As financial exploitation of the elderly becomes a growing social concern, estate planners have a responsibility to address the issue. In their April Illinois Bar Journal article, “It’s Not All About Death and Taxes: Preventing Elder Financial Exploitation Through Estate Planning,” Darcy J. Chamberlin and Janna S. Dutton review trust and estate issues involved in exploitation of the elderly and suggest provisions that can be used to protect clients whose quality of judgment may be declining. Chamberlin and Dutton look beyond our role as document creators and provide practical guidance on how best to protect our impaired clients from con artists, bad trustees, and untrustworthy relatives.

U.S. Attorney's Office Seeks Assistant U.S. Attorneys

Posted on April 5, 2019 by Rhys Saunders

The U.S. Attorney's Office Southern District of Illinois is accepting applications for assistant United States attorney openings in its Criminal Division in Benton and Fairview Heights.

Applicants must possess a J.D. degree, be an active member of the bar (any jurisdiction), and have at least one year of post-J.D. legal experience. U.S. citizenship is required.

Preferred qualifications include admission to the Illinois bar and three years of post-J.D. litigation experience.

Illinois Supreme Court Appoints John L. McGehee as Resident Judge in Fourteenth Judicial Circuit

Posted on April 5, 2019 by Rhys Saunders

The Illinois Supreme Court has appointed John L. McGehee as a resident circuit judge in the Fourteenth Judicial Circuit.

McGehee was appointed to fill the vacancy created by the retirement of the Hon. Lori R. Lefstein on Jan. 30. The appointment is effective May 1, and will conclude Dec. 6, 2020, when the position will be filled by the November 2020 General Election.

Quick Take on Illinois Supreme Court Opinion Issued Thursday, April 4

Posted on April 4, 2019 by Rhys Saunders

The Illinois Supreme Court handed down one opinion on Thursday, April 4. In Piccioli v. The Board of Trustees of the Teachers’ Retirement System et al., the court ruled that a union lobbyist qualified for a public pension under a repealed law by spending one day as a substitute teacher.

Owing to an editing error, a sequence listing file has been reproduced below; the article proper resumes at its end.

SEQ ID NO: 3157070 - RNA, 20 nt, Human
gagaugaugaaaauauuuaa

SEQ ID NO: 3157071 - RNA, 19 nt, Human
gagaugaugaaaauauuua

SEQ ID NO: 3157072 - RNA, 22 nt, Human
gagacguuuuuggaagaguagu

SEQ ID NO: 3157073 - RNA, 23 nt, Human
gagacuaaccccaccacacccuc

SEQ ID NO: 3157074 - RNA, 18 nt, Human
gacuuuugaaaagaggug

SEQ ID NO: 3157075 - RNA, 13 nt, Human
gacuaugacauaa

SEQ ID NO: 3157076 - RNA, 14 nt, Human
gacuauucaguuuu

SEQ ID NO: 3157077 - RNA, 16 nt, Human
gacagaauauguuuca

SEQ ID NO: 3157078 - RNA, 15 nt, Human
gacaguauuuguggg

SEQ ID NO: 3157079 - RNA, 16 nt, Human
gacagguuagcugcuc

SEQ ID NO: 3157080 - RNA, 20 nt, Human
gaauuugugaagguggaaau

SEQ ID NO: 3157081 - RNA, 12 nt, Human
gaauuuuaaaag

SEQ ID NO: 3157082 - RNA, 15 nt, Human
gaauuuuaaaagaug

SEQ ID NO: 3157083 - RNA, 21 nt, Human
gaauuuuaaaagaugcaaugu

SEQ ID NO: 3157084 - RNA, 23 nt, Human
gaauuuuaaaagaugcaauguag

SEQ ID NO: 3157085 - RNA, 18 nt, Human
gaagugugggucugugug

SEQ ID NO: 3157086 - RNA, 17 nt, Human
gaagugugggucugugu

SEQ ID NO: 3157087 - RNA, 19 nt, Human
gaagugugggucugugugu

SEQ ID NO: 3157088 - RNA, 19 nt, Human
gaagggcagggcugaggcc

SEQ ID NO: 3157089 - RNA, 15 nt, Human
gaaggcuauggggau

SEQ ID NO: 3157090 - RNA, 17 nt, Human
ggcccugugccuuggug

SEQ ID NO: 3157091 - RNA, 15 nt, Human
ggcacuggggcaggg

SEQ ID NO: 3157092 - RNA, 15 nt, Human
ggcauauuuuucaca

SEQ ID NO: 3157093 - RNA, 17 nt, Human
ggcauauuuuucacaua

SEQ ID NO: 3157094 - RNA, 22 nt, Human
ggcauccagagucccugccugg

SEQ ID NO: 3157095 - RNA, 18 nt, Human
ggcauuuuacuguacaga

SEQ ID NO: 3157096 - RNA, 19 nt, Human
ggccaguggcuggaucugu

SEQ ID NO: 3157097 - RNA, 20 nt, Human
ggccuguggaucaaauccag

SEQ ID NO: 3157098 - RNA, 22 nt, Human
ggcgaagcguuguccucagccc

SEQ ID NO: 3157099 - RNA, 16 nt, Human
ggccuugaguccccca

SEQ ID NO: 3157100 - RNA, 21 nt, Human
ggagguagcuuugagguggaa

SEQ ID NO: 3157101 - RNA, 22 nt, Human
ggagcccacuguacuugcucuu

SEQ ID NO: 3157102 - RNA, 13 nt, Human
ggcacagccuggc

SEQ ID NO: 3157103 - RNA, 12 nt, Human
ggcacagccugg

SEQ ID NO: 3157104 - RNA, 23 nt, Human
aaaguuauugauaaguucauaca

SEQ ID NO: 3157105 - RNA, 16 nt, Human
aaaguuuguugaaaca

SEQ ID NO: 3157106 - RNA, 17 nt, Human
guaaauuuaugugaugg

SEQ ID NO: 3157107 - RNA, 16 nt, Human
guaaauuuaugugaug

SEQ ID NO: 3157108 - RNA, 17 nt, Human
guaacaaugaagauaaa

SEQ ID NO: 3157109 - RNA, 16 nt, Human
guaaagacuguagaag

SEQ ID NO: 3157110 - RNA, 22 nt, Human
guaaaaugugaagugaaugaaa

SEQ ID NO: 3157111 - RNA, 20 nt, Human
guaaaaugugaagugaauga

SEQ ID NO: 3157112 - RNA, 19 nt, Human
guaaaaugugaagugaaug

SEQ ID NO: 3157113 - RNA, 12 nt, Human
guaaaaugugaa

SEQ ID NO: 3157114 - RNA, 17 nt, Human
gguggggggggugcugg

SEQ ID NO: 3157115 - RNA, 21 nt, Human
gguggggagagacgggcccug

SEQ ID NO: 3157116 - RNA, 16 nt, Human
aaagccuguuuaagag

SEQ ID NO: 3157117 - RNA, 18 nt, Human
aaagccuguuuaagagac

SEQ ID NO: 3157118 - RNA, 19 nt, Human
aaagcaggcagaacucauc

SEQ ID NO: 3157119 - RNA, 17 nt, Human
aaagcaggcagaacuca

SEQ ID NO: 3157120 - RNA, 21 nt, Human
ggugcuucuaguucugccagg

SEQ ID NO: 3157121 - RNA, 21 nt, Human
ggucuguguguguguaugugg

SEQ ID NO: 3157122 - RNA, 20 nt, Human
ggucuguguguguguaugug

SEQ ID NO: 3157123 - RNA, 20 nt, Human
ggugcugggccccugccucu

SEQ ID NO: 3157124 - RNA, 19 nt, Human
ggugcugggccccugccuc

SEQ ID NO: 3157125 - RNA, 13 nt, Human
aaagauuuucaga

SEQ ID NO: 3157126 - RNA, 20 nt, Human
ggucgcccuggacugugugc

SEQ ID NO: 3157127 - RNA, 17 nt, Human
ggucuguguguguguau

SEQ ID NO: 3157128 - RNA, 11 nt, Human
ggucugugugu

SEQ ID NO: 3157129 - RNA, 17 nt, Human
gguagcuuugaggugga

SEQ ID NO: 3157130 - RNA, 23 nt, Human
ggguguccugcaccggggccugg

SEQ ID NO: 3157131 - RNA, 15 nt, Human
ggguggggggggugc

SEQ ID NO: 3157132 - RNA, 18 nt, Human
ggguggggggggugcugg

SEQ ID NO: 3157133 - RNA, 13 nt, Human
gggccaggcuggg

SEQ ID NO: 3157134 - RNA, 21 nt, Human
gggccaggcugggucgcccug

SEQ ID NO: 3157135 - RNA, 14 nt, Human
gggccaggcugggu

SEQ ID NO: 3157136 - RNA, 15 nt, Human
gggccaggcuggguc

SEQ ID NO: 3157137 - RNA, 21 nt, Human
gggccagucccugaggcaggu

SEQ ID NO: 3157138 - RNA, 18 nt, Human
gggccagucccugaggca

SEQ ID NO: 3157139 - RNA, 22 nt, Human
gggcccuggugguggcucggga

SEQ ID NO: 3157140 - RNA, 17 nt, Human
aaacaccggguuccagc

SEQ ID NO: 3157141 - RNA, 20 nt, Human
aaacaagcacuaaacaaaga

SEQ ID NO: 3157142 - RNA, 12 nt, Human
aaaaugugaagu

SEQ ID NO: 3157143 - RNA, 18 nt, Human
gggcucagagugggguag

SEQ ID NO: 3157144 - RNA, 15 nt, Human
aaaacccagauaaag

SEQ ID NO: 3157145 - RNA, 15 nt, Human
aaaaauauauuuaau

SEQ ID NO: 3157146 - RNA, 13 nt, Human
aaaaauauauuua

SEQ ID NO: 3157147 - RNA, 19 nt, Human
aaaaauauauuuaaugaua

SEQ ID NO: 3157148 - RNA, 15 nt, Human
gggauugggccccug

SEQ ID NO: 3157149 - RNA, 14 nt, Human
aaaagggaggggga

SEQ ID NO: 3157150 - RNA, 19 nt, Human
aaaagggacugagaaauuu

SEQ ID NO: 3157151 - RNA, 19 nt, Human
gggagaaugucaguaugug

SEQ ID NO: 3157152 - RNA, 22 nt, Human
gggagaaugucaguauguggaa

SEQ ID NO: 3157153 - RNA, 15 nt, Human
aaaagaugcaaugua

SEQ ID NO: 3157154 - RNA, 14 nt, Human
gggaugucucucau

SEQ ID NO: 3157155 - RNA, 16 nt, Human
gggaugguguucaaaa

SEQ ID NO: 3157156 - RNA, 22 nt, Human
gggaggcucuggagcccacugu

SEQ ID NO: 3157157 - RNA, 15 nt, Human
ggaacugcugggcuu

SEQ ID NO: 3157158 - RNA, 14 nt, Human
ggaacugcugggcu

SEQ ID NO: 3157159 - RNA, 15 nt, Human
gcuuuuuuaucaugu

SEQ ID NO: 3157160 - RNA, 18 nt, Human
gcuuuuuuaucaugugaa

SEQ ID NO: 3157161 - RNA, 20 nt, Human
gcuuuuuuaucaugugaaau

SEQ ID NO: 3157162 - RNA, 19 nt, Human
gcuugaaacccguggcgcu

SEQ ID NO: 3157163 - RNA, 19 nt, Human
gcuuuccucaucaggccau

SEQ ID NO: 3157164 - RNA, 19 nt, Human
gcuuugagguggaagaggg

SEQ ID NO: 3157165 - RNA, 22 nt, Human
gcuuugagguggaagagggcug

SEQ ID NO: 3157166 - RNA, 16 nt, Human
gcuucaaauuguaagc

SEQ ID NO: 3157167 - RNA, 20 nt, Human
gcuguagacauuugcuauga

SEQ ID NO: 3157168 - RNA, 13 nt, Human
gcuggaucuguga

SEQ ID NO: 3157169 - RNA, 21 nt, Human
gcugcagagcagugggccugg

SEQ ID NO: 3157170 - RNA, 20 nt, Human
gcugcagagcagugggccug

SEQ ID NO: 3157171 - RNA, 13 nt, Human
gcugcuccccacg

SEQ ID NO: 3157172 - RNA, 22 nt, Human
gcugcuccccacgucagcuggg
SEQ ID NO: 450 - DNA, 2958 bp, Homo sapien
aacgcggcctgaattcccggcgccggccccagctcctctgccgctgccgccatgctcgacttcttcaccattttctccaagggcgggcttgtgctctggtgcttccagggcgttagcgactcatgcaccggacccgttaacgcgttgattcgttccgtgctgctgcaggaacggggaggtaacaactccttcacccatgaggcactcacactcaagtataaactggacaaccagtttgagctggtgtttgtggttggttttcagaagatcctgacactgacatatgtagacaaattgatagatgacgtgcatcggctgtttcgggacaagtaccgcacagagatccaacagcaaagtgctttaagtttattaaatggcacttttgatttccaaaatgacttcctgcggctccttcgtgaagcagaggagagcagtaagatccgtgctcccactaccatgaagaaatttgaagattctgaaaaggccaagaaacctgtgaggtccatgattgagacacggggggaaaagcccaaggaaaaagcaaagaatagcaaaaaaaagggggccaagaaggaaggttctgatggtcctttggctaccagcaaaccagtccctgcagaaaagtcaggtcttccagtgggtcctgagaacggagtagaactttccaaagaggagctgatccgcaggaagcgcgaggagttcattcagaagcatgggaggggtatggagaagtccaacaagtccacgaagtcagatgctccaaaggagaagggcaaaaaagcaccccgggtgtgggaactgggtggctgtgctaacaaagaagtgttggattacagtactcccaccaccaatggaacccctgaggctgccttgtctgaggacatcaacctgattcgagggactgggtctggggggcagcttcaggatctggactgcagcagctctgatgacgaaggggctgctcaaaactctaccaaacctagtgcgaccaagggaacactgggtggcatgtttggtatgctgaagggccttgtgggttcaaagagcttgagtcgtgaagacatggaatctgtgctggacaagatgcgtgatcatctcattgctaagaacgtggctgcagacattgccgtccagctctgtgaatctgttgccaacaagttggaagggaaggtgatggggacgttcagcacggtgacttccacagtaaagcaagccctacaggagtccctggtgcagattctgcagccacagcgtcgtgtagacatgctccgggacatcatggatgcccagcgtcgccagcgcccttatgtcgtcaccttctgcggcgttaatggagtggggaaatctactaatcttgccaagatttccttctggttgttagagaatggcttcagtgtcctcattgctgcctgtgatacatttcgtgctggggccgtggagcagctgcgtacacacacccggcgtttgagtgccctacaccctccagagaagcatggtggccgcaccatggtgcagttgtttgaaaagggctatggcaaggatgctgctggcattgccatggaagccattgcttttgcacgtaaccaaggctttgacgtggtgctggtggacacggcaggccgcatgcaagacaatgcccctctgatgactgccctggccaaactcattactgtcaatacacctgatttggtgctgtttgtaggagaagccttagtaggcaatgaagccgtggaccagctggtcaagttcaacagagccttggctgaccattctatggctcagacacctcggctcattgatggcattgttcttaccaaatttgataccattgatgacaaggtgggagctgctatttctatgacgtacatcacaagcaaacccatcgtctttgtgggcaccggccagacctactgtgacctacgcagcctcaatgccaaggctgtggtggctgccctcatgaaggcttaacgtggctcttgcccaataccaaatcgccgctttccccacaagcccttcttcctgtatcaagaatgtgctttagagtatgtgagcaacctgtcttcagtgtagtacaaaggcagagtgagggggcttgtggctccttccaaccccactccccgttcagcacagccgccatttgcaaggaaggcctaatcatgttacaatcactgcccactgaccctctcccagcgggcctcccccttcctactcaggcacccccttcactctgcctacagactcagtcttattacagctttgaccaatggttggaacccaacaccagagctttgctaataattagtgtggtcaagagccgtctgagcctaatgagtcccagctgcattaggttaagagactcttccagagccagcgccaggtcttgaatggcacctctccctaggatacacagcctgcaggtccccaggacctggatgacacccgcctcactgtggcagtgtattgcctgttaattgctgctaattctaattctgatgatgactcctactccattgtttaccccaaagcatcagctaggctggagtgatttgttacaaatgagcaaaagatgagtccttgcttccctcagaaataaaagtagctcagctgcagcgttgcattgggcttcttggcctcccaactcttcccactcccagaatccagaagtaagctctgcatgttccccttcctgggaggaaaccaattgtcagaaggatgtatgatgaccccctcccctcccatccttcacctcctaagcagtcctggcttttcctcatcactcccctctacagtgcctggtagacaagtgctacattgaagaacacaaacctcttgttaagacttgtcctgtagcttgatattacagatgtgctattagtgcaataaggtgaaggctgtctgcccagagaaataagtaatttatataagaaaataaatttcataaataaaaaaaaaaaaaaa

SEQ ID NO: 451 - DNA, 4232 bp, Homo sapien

Piccioli v. The Board of Trustees of the Teachers’ Retirement System et al.

By Michael T. Reagan, Law Offices of Michael T. Reagan

Best Practice Tips: Valuing a Personal Injury Law Practice

Posted on April 3, 2019 by Rhys Saunders

Asked and Answered 

By John W. Olmstead, MBA, Ph.D, CMC

Q. I am the owner of a three-attorney personal injury practice in Columbia, South Carolina, and I am contemplating retiring in seven years. I have an associate on board to whom I would like to sell my practice during the next seven years. How do I go about valuing my practice and determining how much I should ask for?

A. A few of the various methods used solely or in combination with other methods for valuing a law firm include:

Illinois Supreme Court Amends Rule 274

Posted on April 1, 2019 by Rhys Saunders

The Illinois Supreme Court on March 29 announced the amendment of Rule 274that pertains to multiple final orders and postjudgment motions.

The amended rule states: “A party may make only one postjudgment motion directed at a judgment order that is otherwise final and appealable. The motion must be filed either within 30 days of that judgment order or within the time allowed by any extensions.” (New language bolded.)